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Bad Leaders Are Destroying Our Military
This week’s Army Times lead story is titled “The No. 1 reason NCOs are quitting the Army: BAD LEADERS.” Amen!
As a promotable Staff Sergeant it absolutely drives me bonkers seeing how many of my peers treat junior NCOs and how many officers treat us all. The NCO Corps has taken a back seat to leaders that want their hands in everything. Here at Fort Hood we will be shutting down operations next week for a day to address a distressing uptick in sexual assaults on post (13 IN ONE WEEKEND!). I’m told that most of these occurred in the barracks.
It is the JOB of NCOs to visit the living environments of their troops often, not just when they are told right after PT. At least in my unit I can tell you that I’ve never seen another senior NCO in the barracks in the evening on a Friday or Saturday and I’ve been here almost three years. They would be appalled at what they would see. I’m constantly stopping fights, ordering Soldiers into their rooms for the night due to intoxication, or identifying potential conflicts of interest between junior NCOs living in the barracks and their Soldiers.
NCOs should NOT be drinking with their troops AT ALL! I don’t have the facts but I think that alcohol is a leading cause of these incidents. These Soldiers get together and each buy a case of beer or a bottle of liquor and just hang out. After too much alcohol inhibitions are lowered and bad things happen. Perceptions are altered as to what someone is thinking or what is right. The next morning one party realizes what happened possibly against their will if they were sober. Alcohol is NOT an excuse for sexual assault or inappropriate relationships.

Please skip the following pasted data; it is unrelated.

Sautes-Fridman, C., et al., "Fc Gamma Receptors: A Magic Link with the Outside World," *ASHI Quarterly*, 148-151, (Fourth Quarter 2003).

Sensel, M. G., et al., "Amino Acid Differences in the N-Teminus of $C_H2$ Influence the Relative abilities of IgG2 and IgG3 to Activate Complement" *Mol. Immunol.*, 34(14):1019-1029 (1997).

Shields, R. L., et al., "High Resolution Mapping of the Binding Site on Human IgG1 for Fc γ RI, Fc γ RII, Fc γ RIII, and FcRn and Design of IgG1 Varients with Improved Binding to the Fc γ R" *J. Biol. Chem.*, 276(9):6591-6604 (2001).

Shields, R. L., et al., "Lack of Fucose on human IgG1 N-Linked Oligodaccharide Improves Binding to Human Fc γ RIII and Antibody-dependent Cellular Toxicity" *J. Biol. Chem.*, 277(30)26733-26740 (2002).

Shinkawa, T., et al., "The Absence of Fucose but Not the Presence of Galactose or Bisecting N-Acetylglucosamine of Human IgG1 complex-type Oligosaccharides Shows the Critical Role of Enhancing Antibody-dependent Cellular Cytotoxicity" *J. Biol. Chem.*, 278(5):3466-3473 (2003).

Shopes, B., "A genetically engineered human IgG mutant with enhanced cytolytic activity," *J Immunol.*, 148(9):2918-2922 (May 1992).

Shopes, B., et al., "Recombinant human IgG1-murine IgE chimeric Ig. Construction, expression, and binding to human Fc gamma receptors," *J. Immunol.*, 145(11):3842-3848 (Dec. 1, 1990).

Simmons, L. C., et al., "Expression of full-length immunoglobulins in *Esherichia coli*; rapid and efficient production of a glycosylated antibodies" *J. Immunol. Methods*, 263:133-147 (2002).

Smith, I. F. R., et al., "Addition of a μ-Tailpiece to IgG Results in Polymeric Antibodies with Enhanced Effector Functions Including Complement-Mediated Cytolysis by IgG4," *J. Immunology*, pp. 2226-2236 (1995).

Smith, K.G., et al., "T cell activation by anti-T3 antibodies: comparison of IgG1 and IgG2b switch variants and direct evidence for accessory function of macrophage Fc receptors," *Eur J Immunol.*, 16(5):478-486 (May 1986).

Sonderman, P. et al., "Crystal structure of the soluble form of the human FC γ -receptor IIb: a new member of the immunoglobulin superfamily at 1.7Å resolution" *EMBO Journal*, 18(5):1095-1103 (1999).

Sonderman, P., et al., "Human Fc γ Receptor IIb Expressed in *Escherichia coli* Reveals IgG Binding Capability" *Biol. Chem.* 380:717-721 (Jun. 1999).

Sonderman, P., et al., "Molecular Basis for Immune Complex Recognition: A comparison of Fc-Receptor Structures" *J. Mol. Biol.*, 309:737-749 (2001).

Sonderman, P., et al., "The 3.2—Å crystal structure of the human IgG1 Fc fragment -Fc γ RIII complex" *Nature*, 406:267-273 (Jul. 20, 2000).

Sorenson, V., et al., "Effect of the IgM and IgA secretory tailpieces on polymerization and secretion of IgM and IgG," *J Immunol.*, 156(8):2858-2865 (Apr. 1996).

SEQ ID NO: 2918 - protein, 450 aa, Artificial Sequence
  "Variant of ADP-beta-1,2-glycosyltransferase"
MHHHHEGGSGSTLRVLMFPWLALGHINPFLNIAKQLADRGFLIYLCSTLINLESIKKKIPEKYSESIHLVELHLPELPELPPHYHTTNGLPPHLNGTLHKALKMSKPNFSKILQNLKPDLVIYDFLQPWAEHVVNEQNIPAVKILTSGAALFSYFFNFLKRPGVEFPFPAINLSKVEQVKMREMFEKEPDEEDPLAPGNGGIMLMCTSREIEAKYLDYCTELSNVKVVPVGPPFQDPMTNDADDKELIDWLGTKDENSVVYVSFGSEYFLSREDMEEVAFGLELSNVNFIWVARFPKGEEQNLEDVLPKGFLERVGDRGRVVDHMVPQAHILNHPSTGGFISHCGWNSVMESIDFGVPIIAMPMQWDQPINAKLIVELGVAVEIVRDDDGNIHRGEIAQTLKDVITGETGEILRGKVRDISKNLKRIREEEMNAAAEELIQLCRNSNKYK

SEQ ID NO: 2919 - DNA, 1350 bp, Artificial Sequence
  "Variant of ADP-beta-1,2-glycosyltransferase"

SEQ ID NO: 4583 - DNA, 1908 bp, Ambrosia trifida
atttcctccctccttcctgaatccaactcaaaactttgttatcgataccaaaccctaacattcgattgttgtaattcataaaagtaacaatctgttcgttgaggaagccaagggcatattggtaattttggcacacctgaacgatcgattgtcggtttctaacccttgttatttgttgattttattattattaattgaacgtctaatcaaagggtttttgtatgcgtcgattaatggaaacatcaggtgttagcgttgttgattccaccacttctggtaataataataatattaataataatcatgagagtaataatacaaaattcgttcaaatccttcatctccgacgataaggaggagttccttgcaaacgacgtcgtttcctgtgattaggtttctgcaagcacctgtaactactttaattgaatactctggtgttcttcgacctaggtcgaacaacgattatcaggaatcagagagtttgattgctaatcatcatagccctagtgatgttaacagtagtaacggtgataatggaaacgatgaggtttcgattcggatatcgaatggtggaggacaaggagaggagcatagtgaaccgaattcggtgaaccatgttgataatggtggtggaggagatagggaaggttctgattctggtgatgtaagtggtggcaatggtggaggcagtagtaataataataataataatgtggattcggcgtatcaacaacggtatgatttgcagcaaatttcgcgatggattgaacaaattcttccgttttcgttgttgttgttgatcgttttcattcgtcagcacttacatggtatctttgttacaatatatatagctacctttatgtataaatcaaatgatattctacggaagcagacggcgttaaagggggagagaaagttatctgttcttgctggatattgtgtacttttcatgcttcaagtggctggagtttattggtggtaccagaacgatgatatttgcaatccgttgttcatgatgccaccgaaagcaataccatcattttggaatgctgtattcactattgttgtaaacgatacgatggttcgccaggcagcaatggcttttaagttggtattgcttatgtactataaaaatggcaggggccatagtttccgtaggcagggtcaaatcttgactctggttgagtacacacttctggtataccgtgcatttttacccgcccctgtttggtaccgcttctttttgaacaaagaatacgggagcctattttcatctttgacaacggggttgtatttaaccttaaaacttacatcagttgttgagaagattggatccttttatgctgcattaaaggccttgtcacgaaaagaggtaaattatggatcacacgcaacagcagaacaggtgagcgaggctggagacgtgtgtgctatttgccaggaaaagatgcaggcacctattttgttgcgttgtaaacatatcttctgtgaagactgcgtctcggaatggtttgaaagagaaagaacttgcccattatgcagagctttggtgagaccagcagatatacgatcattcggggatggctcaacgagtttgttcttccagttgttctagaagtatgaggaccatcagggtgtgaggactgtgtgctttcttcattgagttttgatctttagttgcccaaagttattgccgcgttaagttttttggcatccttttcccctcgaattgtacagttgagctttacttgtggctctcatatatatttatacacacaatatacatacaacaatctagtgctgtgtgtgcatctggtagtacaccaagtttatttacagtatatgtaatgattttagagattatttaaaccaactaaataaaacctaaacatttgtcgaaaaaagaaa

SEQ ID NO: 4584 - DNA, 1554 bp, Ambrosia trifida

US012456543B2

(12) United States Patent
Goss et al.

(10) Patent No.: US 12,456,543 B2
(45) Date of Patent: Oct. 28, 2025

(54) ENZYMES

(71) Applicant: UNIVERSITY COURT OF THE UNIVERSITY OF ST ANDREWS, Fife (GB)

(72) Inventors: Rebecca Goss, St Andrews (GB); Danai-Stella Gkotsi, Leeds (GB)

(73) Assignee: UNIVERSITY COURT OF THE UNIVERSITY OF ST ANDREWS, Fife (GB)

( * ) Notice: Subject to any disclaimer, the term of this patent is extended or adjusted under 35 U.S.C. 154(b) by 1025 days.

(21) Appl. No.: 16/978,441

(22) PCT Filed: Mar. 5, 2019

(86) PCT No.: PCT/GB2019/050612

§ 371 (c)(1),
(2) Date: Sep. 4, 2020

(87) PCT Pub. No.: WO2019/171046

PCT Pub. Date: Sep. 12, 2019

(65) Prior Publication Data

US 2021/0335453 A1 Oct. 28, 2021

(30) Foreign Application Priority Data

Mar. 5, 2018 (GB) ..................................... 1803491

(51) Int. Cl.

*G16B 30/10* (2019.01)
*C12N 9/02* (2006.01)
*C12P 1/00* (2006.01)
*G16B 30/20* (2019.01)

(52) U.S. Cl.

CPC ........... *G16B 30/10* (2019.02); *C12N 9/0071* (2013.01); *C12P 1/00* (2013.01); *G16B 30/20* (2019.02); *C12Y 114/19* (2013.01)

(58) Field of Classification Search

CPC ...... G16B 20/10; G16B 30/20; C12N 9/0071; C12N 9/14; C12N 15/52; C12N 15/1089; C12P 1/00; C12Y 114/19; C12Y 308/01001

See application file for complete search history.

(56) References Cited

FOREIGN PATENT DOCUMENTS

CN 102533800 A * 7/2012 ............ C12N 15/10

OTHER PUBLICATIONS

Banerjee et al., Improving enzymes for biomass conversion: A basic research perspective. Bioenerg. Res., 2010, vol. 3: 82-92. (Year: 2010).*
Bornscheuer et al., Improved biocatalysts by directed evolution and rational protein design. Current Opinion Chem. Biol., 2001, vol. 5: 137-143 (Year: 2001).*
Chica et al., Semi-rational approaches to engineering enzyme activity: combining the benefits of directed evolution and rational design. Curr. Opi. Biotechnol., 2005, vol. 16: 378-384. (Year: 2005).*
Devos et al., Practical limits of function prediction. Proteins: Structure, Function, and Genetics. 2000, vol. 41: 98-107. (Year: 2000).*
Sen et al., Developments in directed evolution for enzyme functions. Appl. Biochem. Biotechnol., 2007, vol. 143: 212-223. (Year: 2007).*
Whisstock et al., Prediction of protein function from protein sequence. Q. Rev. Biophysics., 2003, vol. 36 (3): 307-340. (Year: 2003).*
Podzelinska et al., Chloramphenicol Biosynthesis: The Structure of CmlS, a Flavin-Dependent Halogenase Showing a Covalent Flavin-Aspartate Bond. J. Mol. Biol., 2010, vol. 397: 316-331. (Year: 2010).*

Life is difficult for juniors especially young Sergeants. Suddenly they are leaders and they must find way to deal differently with friends they now outrank. They have to set an example and enforce a standard even if it’s unpopular.
Another issue in the military that the Army Times addresses and I agree with is the fast paced promotion system. I remember when they did away with the 4-week PLDC (now WLC) requirement and went with a 2-week model. Two weeks is not enough time to create and institutionalize junior NCO leadership skills. The same goes for CPTs. Unless an officer completely screws up they WILL be promoted to CPT and possibly Major. The article says that the promotion rate to Major is “95-98%” which is absurd. Working with Captains on a daily basis I can say for a fact that there are more than 2-5% of them that don’t deserve to be promoted to Field Grade status. Unlike the NCO ranks there is no personal boarding process for young officers working their way through the junior officer ranks.
I don’t know if it’s a Corps Policy or Army policy but some very competent and knowledgable Master Sergeants (yes, I’m talking about CJ as well) are ineligible to perform duty as a First Sergeant solely because they have a permanent profile that prevents them from running with troops. These injuries were a result of combat action and now these guys and girls aren’t allowed into leadership positions. It’s not like there are is a vast pool of Master Sergeants to choose from and I’ve seen too many completely ineffective 1SG in those positions because they can run but they couldn’t lead ants to an Oreo cookie!